Steroid Meningitis Lawsuit

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Steroid Meningitis Lawsuits

In March 2013, Traci Maccoux of Brooklyn filed a lawsuit against a pain clinic called Medical Advanced Pain Specialists. Maccoux claims that the clinic was negligent in administering contaminated steroids. She was hospitalized for 10 days after developing steroid meningitis. Since developing the condition, she was unable to work or drive and was forced to drop out of school. Her medical bills total more than $110,000.

Patients who developed steroid meningitis from a steroid injection in 2012 may be eligible to receive financial compensation. Compensation can help to cover medical bills, lost wages from missed work, pain, and suffering. Those who wish to file a claim should speak with an experience attorney to discuss legal options.

Steroid Meningitis

In 2012, the United States experienced an outbreak of fungal meningitis resulting from contaminated steroid injections. The preservative-free methylprednisolone acetate (MPA) steroid injections were traced back to the New England Compounding Center (NECC). After thorough testing, 3 preservative-free MPA steroid injection lots were recalled by the NECC on September 26, 2012.

The U.S. Centers for Disease Control and Prevention (CDC) supplied a list of healthcare facilities that may have used the contaminated steroid injections. A total of 23 states and over 75 medical facilities were affected. If patients received a dose of the contaminated MPA steroid injections, they became susceptible to fungal meningitis. Fungal meningitis is dangerous, but not contagious. Patients also experienced localized infections, including spinal or paraspinal infections, knee infections, shoulder infections, and ankle infections.

Steroid Meningitis Outbreak

There are now more than 730 cases of illness from the contaminated steroid injections. As of March 2013, there were 51 reported deaths from the steroid contamination. The CDC worked with state health departments to estimate that roughly 14,000 patients were likely injected with the contaminated steroid and may be at risk of developing the steroid meningitis. However, it is important to realize fungal meningitis can be slow to develop.

Patients should seek immediate healthcare if they received a steroid injection after May 21, 2012 and display any of the following symptoms:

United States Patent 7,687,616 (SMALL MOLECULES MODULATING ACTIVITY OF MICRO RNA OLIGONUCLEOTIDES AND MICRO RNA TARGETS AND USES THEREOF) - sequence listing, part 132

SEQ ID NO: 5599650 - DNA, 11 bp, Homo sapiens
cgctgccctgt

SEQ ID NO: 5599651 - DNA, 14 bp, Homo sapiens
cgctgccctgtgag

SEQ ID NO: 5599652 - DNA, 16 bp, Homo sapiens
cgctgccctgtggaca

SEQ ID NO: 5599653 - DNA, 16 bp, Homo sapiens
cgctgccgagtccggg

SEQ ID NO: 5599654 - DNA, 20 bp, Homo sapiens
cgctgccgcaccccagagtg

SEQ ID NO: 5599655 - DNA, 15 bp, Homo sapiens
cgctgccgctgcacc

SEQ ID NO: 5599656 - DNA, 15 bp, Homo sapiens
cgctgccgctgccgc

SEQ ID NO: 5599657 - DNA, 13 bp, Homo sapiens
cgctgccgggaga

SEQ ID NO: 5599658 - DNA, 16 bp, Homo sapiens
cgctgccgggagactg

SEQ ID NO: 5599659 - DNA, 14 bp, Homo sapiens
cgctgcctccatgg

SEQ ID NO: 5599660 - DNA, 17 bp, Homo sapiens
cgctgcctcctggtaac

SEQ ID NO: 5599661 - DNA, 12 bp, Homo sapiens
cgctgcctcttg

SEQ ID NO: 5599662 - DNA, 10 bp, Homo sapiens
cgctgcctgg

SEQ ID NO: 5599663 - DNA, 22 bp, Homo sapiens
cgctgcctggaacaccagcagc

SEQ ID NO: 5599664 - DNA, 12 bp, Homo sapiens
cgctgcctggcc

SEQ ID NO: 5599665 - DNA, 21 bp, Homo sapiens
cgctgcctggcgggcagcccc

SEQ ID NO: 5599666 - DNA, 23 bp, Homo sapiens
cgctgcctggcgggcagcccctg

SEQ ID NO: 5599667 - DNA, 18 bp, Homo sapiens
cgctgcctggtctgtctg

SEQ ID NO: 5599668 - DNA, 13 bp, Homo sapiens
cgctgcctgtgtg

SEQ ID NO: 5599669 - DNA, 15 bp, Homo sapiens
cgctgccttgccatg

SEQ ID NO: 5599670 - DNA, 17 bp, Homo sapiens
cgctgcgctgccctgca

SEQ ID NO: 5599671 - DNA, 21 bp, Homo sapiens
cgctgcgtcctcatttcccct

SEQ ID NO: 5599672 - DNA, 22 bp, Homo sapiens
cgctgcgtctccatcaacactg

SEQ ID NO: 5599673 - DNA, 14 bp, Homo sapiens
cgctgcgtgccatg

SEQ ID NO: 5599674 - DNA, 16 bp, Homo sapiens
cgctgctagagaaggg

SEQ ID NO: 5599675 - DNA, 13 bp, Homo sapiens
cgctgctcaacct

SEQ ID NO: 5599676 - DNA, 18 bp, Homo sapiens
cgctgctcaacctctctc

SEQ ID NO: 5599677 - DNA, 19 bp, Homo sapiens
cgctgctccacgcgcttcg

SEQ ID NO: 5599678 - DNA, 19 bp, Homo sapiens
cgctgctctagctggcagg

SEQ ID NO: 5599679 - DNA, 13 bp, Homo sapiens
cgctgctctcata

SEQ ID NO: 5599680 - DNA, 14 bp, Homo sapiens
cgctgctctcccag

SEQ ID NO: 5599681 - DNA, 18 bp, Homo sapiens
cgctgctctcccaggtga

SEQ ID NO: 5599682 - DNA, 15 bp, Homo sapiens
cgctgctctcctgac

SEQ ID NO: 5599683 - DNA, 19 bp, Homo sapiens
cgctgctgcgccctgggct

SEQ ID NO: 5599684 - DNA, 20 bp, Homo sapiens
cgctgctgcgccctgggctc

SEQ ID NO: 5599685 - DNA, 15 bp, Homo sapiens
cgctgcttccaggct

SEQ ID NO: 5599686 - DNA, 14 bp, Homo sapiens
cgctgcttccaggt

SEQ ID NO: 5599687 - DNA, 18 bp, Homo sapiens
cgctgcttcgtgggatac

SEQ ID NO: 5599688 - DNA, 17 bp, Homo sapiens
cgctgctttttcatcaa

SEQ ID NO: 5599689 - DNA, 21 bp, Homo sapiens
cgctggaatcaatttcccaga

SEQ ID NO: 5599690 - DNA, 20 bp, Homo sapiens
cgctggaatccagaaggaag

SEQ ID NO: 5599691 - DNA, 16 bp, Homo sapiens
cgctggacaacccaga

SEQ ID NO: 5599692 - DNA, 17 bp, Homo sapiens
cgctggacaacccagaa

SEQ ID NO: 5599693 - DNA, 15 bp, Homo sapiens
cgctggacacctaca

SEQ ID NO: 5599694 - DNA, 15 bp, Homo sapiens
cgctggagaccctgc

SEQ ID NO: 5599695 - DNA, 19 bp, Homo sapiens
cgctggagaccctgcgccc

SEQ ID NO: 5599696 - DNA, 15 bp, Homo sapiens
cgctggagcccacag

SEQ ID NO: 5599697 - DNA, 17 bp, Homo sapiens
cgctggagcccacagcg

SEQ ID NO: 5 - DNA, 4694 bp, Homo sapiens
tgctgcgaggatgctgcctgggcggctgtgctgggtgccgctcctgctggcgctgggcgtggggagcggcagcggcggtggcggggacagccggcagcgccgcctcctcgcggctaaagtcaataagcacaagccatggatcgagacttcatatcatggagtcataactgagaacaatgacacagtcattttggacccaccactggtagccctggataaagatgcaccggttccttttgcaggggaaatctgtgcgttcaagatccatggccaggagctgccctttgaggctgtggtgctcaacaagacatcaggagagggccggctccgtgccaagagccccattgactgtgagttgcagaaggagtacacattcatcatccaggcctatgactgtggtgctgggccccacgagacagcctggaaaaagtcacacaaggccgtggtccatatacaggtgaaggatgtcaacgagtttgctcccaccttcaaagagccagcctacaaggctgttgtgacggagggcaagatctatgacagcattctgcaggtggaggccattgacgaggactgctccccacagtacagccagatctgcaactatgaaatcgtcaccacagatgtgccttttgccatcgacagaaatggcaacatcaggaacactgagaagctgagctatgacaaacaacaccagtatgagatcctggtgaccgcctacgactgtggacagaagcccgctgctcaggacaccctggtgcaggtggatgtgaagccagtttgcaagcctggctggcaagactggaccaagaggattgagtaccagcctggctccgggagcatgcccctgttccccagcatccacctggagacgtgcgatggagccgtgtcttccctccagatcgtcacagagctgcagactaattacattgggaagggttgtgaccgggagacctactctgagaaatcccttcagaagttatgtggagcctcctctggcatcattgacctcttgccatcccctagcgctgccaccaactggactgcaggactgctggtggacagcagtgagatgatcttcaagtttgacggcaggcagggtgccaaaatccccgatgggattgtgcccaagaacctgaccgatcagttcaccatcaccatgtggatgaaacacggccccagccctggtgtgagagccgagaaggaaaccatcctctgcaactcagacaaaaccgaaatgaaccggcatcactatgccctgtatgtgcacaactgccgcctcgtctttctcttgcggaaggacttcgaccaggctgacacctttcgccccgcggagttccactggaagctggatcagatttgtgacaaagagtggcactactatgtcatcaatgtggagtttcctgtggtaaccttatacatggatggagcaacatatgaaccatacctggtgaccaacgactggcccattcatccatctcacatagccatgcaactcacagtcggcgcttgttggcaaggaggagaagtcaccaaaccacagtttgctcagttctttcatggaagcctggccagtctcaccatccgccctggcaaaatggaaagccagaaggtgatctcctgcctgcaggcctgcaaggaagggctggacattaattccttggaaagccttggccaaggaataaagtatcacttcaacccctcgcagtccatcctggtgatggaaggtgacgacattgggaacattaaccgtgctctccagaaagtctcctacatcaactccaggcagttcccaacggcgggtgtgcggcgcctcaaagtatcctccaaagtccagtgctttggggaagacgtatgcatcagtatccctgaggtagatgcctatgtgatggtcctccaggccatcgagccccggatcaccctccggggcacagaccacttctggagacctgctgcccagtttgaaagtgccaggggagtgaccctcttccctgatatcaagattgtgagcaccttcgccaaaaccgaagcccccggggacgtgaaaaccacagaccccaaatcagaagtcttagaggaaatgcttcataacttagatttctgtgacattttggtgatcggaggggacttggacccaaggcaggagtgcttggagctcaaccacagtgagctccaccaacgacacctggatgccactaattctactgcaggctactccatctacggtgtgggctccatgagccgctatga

• Sensitivity to light
  • Slurred speech
  • Fever
  • New, worsening headache or stiff neck
  • New numbness or weakness in any part of the body
  • Redness, swelling, or increased pain at or near steroid injection site

Steroid Meningitis Litigation

Compounding pharmacies are not subject to the same Food and Drug Administration (FDA) scrutiny as standard drug manufacturing companies. Compounding pharmacies, such as the NECC, are classified as specialty pharmacies. These companies alter, combine, and mix various ingredients to create prescription drugs for individual use. Patients with specific allergies or other personal needs are able to get customized prescriptions. Due to the individual and customized nature of the drugs, compounding pharmacies typically make smaller lots of drugs at a time.

There is an outcry from the public for better regulation of compounding pharmacies, such as the NECC. When FDA investigators visited the NECC facilities, they discovered unidentified “greenish-black” materials in several vials of the injectable MPA steroid. This confirmed suspicions that the MPA steroids from NECC were contaminated. Furthermore, the contaminated vials were merely a portion of numerous health violations identified during the inspection.

Steroid Meningitis Class Action Lawsuit

On October 16, 2012, Robert and Brenda Bensale filed a steroid meningitis lawsuit against the NECC. In their steroid meningitis lawsuit, the plaintiffs claim personal injuries, emotional distress, medical expenses, and other punitive damages as a result of Brenda Bensale’s exposure to the contaminated steroid injections. The Bensales hoped for coordination of all steroid meningitis lawsuits against the NECC, into a class action lawsuit. The couple believed that consolidation into multidistrict litigation (MDL) would promote orderly, timely proceedings and allow for consistent rulings.

Consolidation of NECC Fungal Meningitis Cases

While the NECC supported potential consolidation of the steroid meningitis lawsuits, the compounding pharmacy did motion to put fungal meningitis lawsuits on stay until the next year. In November 2012, Judge F. Dennis Saylor IV denied the NECC’s motion for a stay until 2013. Judge Saylor then proceeded to order the consolidation of Massachusetts steroid meningitis lawsuits.

Plaintiffs of federally-filed steroid meningitis lawsuits motioned to expedite consolidation due to fears of the NECC filing for bankruptcy. In late November 2012, the Judicial Panel on Multidistrict Litigation (JPML) refused to expedite the steroid meningitis lawsuits’ consolidation. By February 2013, the JPML transferred all federal steroid meningitis lawsuits to MDL in the U.S. District Court for the District of Massachusetts.

Three batches of preservative-free methylprednisolone acetate (MPA) steroid injections from the New England Compounding Center (NECC) were found to be contaminated. These three lots of MPA steroid injections were used by approximately 14,000 patients across the United States prior to the steroid injection recall in September of 2012. The U.S. Centers for Disease Control and Prevention (CDC) warned patients and doctors that the contaminated steroid injections were causing a fungal meningitis outbreak.

What is Steroid Meningitis?

Many people are referring to this fungal meningitis outbreak as “steroid meningitis.” This is because the fungal meningitis originated in the steroid injections from the NECC. However, fungal meningitis is the medical name for these cases of steroid meningitis. Fungal meningitis is not contagious, but the fungus that caused the steroid meningitis outbreak can survive on its own for long periods of time.